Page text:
Papers of particular interest, published recently, have been highlighted as: • Of importance •• Of major importance

  1. 1.•
    Mozaffarian D, Benjamin EJ, Go AS, et al.: Heart Disease and Stroke Statistics-2016 update: a report from the American Heart Association. Circulation. 2015. The latest of the AHA’s yearly and definitive assessments of the state of CV health and disease in the US.Google Scholar
  2. 2.
    Labarthe DR. From cardiovascular disease to cardiovascular health: a quiet revolution? Circ Cardiovasc Qual Outcomes. 2012;5:e86–92.CrossRefPubMedGoogle Scholar
  3. 3.
    Strasser T. Reflections on cardiovascular diseases. Interdiscip Sci Rev. 1978;3:225–30.CrossRefGoogle Scholar
  4. 4.
    National Heart LaBI. Report of the task force on research in epidemiology and prevention of cardiovascular diseases. Washington, DC: National Institutes of Health, Public Health Service, US Department of Health and Human Services; 1994.Google Scholar
  5. 5.
    American College of Cardiology: CardioSmart. https://www.cardiosmart.org. Accessed 13 Jan 2016.
  6. 6.
    American Heart Association: My Life Check—Life’s Simple 7. http://www.heart.org/HEARTORG/Conditions/My-Life-Check---Lifes-Simple-7_UCM_471453_Article.jsp-.Vpl1CzaxH8s. Accessed 15 Jan 2016.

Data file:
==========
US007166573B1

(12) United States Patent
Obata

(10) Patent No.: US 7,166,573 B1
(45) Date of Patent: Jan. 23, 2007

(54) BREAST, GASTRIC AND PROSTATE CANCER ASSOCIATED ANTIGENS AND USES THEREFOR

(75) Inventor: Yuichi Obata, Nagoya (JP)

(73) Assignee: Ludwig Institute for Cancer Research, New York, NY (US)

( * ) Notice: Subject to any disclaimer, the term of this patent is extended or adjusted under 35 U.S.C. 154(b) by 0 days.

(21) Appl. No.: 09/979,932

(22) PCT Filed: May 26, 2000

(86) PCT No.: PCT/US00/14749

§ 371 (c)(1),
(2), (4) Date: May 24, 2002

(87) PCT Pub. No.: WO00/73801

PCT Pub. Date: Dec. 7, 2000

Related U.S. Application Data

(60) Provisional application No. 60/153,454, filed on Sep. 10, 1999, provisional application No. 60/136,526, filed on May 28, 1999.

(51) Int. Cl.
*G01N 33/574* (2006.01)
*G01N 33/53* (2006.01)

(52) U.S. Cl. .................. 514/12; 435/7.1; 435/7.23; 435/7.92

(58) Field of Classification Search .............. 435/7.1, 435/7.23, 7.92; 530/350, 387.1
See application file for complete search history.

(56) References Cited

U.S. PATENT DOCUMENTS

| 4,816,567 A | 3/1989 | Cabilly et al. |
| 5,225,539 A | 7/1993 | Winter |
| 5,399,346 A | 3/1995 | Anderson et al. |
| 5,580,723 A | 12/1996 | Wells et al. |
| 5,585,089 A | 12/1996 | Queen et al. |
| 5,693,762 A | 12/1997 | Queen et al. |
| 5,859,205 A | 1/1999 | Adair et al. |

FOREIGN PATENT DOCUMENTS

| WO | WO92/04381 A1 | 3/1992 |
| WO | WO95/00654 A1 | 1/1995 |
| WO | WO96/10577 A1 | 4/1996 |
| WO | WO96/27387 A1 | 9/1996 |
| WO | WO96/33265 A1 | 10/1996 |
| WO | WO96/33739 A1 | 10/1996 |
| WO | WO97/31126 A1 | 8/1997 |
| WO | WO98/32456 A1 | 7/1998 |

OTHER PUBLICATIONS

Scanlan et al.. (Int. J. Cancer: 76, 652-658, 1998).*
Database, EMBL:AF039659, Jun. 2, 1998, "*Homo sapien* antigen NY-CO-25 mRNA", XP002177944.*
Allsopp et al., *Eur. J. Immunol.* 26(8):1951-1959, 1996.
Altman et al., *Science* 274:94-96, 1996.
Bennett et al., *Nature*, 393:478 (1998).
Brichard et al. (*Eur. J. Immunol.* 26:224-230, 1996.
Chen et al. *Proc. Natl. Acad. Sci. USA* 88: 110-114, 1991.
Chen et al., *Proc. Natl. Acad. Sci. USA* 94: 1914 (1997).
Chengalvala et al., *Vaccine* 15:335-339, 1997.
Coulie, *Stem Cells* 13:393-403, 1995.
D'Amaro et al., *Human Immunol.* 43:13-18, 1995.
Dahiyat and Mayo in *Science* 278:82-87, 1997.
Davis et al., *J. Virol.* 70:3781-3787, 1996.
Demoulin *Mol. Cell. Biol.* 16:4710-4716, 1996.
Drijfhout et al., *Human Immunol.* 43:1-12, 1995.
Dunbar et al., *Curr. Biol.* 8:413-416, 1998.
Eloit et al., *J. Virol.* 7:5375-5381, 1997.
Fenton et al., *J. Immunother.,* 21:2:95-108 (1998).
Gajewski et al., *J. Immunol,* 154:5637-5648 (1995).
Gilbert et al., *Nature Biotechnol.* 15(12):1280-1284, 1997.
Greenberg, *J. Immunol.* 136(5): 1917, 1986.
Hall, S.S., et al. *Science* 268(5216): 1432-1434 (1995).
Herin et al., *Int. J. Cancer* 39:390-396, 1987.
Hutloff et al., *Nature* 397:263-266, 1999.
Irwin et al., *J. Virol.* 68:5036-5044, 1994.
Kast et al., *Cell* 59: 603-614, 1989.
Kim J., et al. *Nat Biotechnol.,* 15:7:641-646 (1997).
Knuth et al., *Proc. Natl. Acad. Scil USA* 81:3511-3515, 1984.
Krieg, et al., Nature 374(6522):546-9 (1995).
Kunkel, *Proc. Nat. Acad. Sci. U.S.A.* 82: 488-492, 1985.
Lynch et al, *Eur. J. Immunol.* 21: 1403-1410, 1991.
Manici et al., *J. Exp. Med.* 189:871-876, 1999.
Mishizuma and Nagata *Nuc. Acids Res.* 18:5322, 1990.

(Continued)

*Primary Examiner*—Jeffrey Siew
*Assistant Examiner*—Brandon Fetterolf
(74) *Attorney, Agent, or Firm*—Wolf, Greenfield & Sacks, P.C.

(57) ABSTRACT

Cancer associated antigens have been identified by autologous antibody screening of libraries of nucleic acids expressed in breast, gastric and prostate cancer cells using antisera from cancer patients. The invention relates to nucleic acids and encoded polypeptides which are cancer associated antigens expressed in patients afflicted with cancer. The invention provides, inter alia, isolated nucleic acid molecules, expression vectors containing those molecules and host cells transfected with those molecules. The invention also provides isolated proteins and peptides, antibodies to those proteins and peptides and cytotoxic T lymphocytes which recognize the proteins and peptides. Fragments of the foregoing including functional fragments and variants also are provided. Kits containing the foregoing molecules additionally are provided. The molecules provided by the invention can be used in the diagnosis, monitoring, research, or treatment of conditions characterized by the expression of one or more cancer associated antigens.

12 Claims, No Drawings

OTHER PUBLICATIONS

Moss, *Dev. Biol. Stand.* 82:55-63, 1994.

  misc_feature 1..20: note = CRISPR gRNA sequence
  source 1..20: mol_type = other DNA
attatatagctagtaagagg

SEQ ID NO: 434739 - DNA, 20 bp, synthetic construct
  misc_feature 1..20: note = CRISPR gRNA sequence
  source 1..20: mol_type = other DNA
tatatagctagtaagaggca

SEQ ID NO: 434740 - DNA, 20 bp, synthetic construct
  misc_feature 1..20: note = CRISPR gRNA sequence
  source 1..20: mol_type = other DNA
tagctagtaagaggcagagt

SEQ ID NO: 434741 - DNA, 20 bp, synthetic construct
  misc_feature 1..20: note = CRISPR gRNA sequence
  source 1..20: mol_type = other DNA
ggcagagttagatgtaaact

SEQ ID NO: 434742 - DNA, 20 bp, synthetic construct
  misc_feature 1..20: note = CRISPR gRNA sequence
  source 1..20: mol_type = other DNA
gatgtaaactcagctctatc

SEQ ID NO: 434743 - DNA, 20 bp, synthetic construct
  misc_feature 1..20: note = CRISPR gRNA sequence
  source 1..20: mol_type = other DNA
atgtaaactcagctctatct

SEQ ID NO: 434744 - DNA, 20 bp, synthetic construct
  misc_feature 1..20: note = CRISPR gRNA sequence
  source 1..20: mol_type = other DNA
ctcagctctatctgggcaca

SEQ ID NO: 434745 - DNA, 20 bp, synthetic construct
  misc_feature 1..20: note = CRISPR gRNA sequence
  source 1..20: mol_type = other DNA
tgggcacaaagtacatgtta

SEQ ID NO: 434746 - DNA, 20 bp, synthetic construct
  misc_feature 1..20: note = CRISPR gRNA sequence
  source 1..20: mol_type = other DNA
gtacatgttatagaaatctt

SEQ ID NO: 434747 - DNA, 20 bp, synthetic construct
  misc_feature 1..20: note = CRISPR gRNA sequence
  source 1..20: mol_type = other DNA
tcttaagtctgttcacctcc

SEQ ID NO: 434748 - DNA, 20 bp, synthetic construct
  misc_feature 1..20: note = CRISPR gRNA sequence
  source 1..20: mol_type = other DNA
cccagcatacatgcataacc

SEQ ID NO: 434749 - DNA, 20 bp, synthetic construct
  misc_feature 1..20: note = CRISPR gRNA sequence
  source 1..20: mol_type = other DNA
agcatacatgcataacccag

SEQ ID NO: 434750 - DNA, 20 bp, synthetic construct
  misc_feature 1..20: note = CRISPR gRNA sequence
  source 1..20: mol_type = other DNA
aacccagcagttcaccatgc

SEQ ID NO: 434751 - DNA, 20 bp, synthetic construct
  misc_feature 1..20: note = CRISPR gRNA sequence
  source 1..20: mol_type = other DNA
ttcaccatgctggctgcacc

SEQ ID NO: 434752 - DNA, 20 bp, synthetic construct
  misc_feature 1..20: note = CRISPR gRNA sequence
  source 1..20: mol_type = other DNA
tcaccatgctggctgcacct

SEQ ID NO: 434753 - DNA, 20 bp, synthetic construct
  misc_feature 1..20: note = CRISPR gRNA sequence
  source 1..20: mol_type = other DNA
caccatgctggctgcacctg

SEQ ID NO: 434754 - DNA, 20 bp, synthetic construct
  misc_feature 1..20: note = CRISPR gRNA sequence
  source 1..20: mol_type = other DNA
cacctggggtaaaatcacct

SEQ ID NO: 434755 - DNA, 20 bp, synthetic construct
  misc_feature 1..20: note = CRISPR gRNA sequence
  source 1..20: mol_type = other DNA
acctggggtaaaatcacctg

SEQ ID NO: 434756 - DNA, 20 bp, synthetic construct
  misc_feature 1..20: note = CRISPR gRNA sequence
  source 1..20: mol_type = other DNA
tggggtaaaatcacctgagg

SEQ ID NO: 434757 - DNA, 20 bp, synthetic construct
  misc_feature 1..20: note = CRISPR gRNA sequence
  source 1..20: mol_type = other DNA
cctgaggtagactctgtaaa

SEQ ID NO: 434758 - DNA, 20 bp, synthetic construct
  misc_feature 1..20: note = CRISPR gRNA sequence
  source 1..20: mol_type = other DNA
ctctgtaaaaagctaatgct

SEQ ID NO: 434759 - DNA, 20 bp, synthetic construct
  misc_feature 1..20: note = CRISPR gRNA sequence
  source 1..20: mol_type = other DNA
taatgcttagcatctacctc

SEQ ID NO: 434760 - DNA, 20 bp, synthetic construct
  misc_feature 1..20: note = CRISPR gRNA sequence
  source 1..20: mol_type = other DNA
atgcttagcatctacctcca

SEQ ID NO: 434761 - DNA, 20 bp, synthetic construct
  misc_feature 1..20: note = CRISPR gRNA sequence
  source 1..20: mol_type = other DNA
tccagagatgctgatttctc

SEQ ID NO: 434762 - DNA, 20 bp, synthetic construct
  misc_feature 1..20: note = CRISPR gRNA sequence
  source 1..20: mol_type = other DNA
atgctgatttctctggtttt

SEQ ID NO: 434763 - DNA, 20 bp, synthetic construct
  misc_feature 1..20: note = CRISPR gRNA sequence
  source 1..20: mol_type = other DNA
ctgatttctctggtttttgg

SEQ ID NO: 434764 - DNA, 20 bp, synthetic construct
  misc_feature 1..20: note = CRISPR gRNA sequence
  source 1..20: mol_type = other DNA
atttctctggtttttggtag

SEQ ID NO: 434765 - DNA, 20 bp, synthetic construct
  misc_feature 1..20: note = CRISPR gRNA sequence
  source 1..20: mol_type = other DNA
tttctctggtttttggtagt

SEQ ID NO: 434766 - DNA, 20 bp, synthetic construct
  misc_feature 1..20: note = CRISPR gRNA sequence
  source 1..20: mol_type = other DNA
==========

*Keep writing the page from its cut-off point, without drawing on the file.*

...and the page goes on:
7. 7.
    Weintraub WS, Daniels SR, Burke LE, et al. Value of primordial and primary prevention for cardiovascular disease: a policy statement from the American Heart Association. Circulation. 2011;124:967–90.CrossRefPubMedGoogle Scholar
  8. 8.
    Appleton AA, Buka SL, Loucks EB, et al. A prospective study of positive early-life psychosocial factors and favorable cardiovascular risk in adulthood. Circulation. 2013;127:905–12.CrossRefPubMedPubMedCentralGoogle Scholar
  9. 9.
    Stamler J. Dietary salt and blood pressure. Ann N Y Acad Sci. 1993;676:122–56.CrossRefPubMedGoogle Scholar
  10. 10.
    Mozaffarian D, Fahimi S, Singh GM, et al. Global sodium consumption and death from cardiovascular causes. N Engl J Med. 2014;371:624–34.CrossRefPubMedGoogle Scholar